A brief history of cricket

Cricket, gentleman’s game, is a bat-and-ball game played between 2 teams of eleven players on a field at the center of which is a 22-yards (20-metre) pitch with a wicket at each end, each comprising two bails balanced on three stumps. It is one of the most played game in the globe. It has a great history, invented in England and spread by The British Emperors who ruled the world and now practiced by most of the nations.

Cricket, England’s national sport, which is now played throughout the world was originated from the south-eastern England. It is generally believed that cricket survived as a children’s game for many generations before it was increasingly taken up by adults around the beginning of the 17th century. Cricket was created during Saxon or Norman times by children living in the Weald, an area of dense woodlands and clearings in south-east England that lies across Kent and Sussex. The name itself may originate from Old English “cryce/cricc” which means crutch or staff. The meaning of “cryce” is stick and in Old French, “criquet” also means club or stick. There are mentions from experts that cricket may not have originated in England but in Flanders. Heiner Gillmeister, a European language expert from Bonn University, claims that “cricket” derives from the Middle Dutch phrase for hockey, “met de sen (krik ket)”. He suggested that the name and the whole sport may be Flemish, not English.

The earliest documented mention of adults playing cricket came from 1611, when two men were fined 12d each for failing to attend church on Easter Sunday because they were playing cricket. Around the same time, that was the first organized cricket match played in Chevening, Kent. A few years later, in 1624, we can find cricket’s first death, in Sussex. Jasper Vinall died because another player accidentally struck him on the head. For all of the 17th century, cricket remained a local game played in England. In 1664, Parliament passed the Gambling Act, and since in cricket people used to bet on which team was going to win, the sport was included in regulations. At the end of the 17th century, cricket became a significant sport and spread throughout England and abroad because of mariners and colonizers. The first mention of cricket overseas is from 1676. A 1697 newspaper report talks about a great cricket match played in Sussex for fifty guineas apiece.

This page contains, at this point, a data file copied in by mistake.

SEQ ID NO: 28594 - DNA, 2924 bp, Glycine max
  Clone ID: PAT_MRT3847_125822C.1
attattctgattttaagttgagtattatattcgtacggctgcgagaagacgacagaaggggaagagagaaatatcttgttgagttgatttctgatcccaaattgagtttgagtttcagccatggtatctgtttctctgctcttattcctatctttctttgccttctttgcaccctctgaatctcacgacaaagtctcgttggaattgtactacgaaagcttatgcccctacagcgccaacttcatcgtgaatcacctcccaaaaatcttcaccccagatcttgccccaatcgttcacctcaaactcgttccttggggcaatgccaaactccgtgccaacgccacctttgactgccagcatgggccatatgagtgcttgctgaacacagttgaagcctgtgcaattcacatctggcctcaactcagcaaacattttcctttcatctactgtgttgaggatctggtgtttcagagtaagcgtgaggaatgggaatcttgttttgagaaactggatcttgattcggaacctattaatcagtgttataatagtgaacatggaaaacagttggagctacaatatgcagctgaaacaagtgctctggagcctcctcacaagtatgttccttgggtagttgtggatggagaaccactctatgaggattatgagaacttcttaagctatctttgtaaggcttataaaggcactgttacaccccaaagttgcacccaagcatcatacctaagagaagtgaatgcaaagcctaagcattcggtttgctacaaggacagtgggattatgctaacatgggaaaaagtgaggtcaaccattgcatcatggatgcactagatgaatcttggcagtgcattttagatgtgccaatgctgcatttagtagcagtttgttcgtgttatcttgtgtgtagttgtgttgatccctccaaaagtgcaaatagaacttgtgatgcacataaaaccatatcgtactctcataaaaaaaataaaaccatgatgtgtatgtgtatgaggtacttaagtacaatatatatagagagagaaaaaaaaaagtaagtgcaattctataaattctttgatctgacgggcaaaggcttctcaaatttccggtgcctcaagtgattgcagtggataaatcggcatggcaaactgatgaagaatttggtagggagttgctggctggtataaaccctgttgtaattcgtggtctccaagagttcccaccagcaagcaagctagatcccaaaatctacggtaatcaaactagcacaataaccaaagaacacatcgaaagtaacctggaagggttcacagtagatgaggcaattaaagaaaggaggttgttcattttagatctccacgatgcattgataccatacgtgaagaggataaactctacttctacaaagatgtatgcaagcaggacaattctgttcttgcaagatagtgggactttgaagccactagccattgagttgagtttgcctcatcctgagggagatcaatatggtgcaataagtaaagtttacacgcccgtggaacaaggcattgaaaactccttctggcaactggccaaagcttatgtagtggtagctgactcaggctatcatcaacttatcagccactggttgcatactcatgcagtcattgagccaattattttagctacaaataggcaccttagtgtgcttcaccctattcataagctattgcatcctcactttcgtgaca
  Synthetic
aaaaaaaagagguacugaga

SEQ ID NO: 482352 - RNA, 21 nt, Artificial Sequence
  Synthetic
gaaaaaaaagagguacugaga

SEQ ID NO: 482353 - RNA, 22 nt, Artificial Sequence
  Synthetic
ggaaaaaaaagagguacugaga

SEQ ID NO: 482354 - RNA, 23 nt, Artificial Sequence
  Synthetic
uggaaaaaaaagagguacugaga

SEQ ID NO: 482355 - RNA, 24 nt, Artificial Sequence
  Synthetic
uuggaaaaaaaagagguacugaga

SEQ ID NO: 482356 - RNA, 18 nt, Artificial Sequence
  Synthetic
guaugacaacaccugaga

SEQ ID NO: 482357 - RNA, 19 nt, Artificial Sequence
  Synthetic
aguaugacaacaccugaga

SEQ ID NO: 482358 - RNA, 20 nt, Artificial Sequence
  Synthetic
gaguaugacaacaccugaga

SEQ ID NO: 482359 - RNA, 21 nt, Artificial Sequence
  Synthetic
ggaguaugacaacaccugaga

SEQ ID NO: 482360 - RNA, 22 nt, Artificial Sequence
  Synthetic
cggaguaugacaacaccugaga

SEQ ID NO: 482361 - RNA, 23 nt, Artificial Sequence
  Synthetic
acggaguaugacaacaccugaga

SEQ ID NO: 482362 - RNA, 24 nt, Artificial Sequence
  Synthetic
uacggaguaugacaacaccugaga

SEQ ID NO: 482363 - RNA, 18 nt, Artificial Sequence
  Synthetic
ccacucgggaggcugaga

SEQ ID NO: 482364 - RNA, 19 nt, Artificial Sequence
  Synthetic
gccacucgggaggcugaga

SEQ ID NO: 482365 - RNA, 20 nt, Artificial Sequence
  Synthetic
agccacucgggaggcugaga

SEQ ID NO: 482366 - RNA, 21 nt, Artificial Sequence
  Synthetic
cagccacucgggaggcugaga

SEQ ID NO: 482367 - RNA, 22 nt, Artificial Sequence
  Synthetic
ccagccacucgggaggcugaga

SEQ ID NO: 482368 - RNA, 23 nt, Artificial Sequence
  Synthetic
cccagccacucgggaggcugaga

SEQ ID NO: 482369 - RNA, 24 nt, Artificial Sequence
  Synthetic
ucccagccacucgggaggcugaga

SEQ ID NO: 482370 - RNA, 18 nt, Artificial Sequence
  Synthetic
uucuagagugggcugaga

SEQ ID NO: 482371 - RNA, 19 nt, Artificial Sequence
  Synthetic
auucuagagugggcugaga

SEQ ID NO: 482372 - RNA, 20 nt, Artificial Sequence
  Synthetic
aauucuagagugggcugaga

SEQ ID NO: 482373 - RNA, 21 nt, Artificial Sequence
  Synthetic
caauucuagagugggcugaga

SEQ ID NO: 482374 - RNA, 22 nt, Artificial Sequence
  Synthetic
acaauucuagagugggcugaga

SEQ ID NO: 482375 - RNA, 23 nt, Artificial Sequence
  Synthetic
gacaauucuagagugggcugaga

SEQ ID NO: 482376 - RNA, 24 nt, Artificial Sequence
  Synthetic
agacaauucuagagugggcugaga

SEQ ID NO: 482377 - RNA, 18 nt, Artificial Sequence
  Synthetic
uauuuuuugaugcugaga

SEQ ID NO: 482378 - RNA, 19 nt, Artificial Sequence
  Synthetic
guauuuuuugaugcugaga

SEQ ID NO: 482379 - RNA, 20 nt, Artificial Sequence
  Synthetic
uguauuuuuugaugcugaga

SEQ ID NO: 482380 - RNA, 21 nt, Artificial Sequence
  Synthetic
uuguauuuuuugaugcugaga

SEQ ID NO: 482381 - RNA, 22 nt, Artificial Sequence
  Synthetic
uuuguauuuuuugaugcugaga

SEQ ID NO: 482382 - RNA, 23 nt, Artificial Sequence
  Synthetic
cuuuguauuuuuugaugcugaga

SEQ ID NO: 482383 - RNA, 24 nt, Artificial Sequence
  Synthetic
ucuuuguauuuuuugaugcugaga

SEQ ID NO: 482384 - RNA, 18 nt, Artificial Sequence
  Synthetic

In the middle of the 19th century, cricket established itself in Australia, the Caribbean, Indian subcontinent, New Zealand, North America and South Africa and so in every corner of the world where the British Empire managed to reach. In 1844, the first-ever international match took place between the United States and Canada. Fifteen years later, an English team travelled overseas to play in the USA tournament for the first time. 3 years later, English players made a tour to Australia. In 1868, the Australian team of Aboriginal stockmen toured England.

In the 20th century, Test cricket expanded. The following countries joined: West Indies (1928), New Zealand (1930) and India (1932) before the Second World War and then Pakistan (1952), Sri Lanka (1982), Zimbabwe (1992), Bangladesh (2000), Ireland and Afghanistan (both 2018). South Africa was banned from international cricket from 1970 to 1992 due to the apartheid boycott.